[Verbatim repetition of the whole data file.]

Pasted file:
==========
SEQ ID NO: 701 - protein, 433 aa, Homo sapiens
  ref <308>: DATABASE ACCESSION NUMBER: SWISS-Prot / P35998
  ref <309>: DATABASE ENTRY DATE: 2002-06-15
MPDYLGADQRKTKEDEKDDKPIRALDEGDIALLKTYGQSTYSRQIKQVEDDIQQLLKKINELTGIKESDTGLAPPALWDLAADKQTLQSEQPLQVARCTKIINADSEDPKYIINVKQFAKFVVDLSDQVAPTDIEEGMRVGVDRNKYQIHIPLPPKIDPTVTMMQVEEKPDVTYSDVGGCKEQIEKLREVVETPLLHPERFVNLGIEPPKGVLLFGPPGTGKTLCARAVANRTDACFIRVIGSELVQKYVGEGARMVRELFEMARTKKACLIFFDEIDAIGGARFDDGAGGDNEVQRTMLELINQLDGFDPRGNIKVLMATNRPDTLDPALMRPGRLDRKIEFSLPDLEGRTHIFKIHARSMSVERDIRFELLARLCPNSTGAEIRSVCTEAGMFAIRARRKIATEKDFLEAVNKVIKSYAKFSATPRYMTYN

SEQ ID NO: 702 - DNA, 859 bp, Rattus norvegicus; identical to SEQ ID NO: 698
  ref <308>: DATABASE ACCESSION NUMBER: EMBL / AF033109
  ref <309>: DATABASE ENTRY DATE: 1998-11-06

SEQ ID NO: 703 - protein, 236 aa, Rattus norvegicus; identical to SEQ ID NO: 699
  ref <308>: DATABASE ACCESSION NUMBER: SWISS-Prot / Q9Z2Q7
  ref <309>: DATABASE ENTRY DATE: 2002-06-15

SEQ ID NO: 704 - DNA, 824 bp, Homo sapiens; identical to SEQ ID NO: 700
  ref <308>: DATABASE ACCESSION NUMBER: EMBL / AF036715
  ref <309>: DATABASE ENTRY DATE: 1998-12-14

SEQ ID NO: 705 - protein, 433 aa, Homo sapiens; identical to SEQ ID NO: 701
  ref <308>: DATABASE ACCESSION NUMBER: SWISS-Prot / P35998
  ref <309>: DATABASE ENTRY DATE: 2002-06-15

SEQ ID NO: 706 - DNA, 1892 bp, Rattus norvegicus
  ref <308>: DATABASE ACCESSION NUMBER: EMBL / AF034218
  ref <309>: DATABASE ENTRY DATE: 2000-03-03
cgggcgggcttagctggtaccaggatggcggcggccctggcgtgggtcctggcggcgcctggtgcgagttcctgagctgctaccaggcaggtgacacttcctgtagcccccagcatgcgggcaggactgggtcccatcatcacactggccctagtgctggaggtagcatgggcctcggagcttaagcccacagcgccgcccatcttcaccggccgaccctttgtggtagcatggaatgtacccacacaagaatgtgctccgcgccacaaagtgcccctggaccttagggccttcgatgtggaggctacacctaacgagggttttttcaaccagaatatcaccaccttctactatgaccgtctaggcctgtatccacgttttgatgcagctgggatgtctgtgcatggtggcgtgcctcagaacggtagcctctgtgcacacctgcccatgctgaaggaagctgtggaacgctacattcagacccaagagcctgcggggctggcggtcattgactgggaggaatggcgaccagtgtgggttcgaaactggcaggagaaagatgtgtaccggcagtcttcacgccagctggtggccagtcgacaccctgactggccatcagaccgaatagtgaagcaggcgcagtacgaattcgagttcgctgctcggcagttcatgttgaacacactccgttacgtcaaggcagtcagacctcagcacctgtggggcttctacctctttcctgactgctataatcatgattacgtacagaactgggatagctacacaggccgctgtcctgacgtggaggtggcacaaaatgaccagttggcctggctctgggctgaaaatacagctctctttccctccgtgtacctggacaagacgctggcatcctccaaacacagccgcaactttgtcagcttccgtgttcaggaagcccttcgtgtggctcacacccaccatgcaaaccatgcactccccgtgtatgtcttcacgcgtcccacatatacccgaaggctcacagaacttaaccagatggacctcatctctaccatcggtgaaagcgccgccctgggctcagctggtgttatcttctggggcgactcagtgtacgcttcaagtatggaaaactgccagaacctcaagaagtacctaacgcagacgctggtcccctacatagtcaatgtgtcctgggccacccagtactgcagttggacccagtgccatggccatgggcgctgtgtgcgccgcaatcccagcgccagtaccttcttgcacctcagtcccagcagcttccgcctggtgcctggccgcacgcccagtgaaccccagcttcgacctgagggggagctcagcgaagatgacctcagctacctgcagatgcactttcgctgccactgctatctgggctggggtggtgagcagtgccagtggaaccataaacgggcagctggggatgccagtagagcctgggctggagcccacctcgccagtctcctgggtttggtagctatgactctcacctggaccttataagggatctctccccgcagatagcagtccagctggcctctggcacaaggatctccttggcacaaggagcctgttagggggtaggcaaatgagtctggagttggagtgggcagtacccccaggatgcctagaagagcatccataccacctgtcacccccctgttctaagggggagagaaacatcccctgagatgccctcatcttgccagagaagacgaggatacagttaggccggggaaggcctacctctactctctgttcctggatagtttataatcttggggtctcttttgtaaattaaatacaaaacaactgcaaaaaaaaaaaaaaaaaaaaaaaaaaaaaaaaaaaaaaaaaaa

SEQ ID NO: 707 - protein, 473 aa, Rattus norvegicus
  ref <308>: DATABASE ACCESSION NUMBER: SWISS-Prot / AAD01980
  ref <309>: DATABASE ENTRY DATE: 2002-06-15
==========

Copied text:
SEQ ID NO: 701 - protein, 433 aa, Homo sapiens
  ref <308>: DATABASE ACCESSION NUMBER: SWISS-Prot / P35998
  ref <309>: DATABASE ENTRY DATE: 2002-06-15
MPDYLGADQRKTKEDEKDDKPIRALDEGDIALLKTYGQSTYSRQIKQVEDDIQQLLKKINELTGIKESDTGLAPPALWDLAADKQTLQSEQPLQVARCTKIINADSEDPKYIINVKQFAKFVVDLSDQVAPTDIEEGMRVGVDRNKYQIHIPLPPKIDPTVTMMQVEEKPDVTYSDVGGCKEQIEKLREVVETPLLHPERFVNLGIEPPKGVLLFGPPGTGKTLCARAVANRTDACFIRVIGSELVQKYVGEGARMVRELFEMARTKKACLIFFDEIDAIGGARFDDGAGGDNEVQRTMLELINQLDGFDPRGNIKVLMATNRPDTLDPALMRPGRLDRKIEFSLPDLEGRTHIFKIHARSMSVERDIRFELLARLCPNSTGAEIRSVCTEAGMFAIRARRKIATEKDFLEAVNKVIKSYAKFSATPRYMTYN

SEQ ID NO: 702 - DNA, 859 bp, Rattus norvegicus; identical to SEQ ID NO: 698
  ref <308>: DATABASE ACCESSION NUMBER: EMBL / AF033109
  ref <309>: DATABASE ENTRY DATE: 1998-11-06

SEQ ID NO: 703 - protein, 236 aa, Rattus norvegicus; identical to SEQ ID NO: 699
  ref <308>: DATABASE ACCESSION NUMBER: SWISS-Prot / Q9Z2Q7
  ref <309>: DATABASE ENTRY DATE: 2002-06-15

SEQ ID NO: 704 - DNA, 824 bp, Homo sapiens; identical to SEQ ID NO: 700
  ref <308>: DATABASE ACCESSION NUMBER: EMBL / AF036715
  ref <309>: DATABASE ENTRY DATE: 1998-12-14

SEQ ID NO: 705 - protein, 433 aa, Homo sapiens; identical to SEQ ID NO: 701
  ref <308>: DATABASE ACCESSION NUMBER: SWISS-Prot / P35998
  ref <309>: DATABASE ENTRY DATE: 2002-06-15

SEQ ID NO: 706 - DNA, 1892 bp, Rattus norvegicus
  ref <308>: DATABASE ACCESSION NUMBER: EMBL / AF034218
  ref <309>: DATABASE ENTRY DATE: 2000-03-03
cgggcgggcttagctggtaccaggatggcggcggccctggcgtgggtcctggcggcgcctggtgcgagttcctgagctgctaccaggcaggtgacacttcctgtagcccccagcatgcgggcaggactgggtcccatcatcacactggccctagtgctggaggtagcatgggcctcggagcttaagcccacagcgccgcccatcttcaccggccgaccctttgtggtagcatggaatgtacccacacaagaatgtgctccgcgccacaaagtgcccctggaccttagggccttcgatgtggaggctacacctaacgagggttttttcaaccagaatatcaccaccttctactatgaccgtctaggcctgtatccacgttttgatgcagctgggatgtctgtgcatggtggcgtgcctcagaacggtagcctctgtgcacacctgcccatgctgaaggaagctgtggaacgctacattcagacccaagagcctgcggggctggcggtcattgactgggaggaatggcgaccagtgtgggttcgaaactggcaggagaaagatgtgtaccggcagtcttcacgccagctggtggccagtcgacaccctgactggccatcagaccgaatagtgaagcaggcgcagtacgaattcgagttcgctgctcggcagttcatgttgaacacactccgttacgtcaaggcagtcagacctcagcacctgtggggcttctacctctttcctgactgctataatcatgattacgtacagaactgggatagctacacaggccgctgtcctgacgtggaggtggcacaaaatgaccagttggcctggctctgggctgaaaatacagctctctttccctccgtgtacctggacaagacgctggcatcctccaaacacagccgcaactttgtcagcttccgtgttcaggaagcccttcgtgtggctcacacccaccatgcaaaccatgcactccccgtgtatgtcttcacgcgtcccacatatacccgaaggctcacagaacttaaccagatggacctcatctctaccatcggtgaaagcgccgccctgggctcagctggtgttatcttctggggcgactcagtgtacgcttcaagtatggaaaactgccagaacctcaagaagtacctaacgcagacgctggtcccctacatagtcaatgtgtcctgggccacccagtactgcagttggacccagtgccatggccatgggcgctgtgtgcgccgcaatcccagcgccagtaccttcttgcacctcagtcccagcagcttccgcctggtgcctggccgcacgcccagtgaaccccagcttcgacctgagggggagctcagcgaagatgacctcagctacctgcagatgcactttcgctgccactgctatctgggctggggtggtgagcagtgccagtggaaccataaacgggcagctggggatgccagtagagcctgggctggagcccacctcgccagtctcctgggtttggtagctatgactctcacctggaccttataagggatctctccccgcagatagcagtccagctggcctctggcacaaggatctccttggcacaaggagcctgttagggggtaggcaaatgagtctggagttggagtgggcagtacccccaggatgcctagaagagcatccataccacctgtcacccccctgttctaagggggagagaaacatcccctgagatgccctcatcttgccagagaagacgaggatacagttaggccggggaaggcctacctctactctctgttcctggatagtttataatcttggggtctcttttgtaaattaaatacaaaacaactgcaaaaaaaaaaaaaaaaaaaaaaaaaaaaaaaaaaaaaaaaaaa

SEQ ID NO: 707 - protein, 473 aa, Rattus norvegicus
  ref <308>: DATABASE ACCESSION NUMBER: SWISS-Prot / AAD01980
  ref <309>: DATABASE ENTRY DATE: 2002-06-15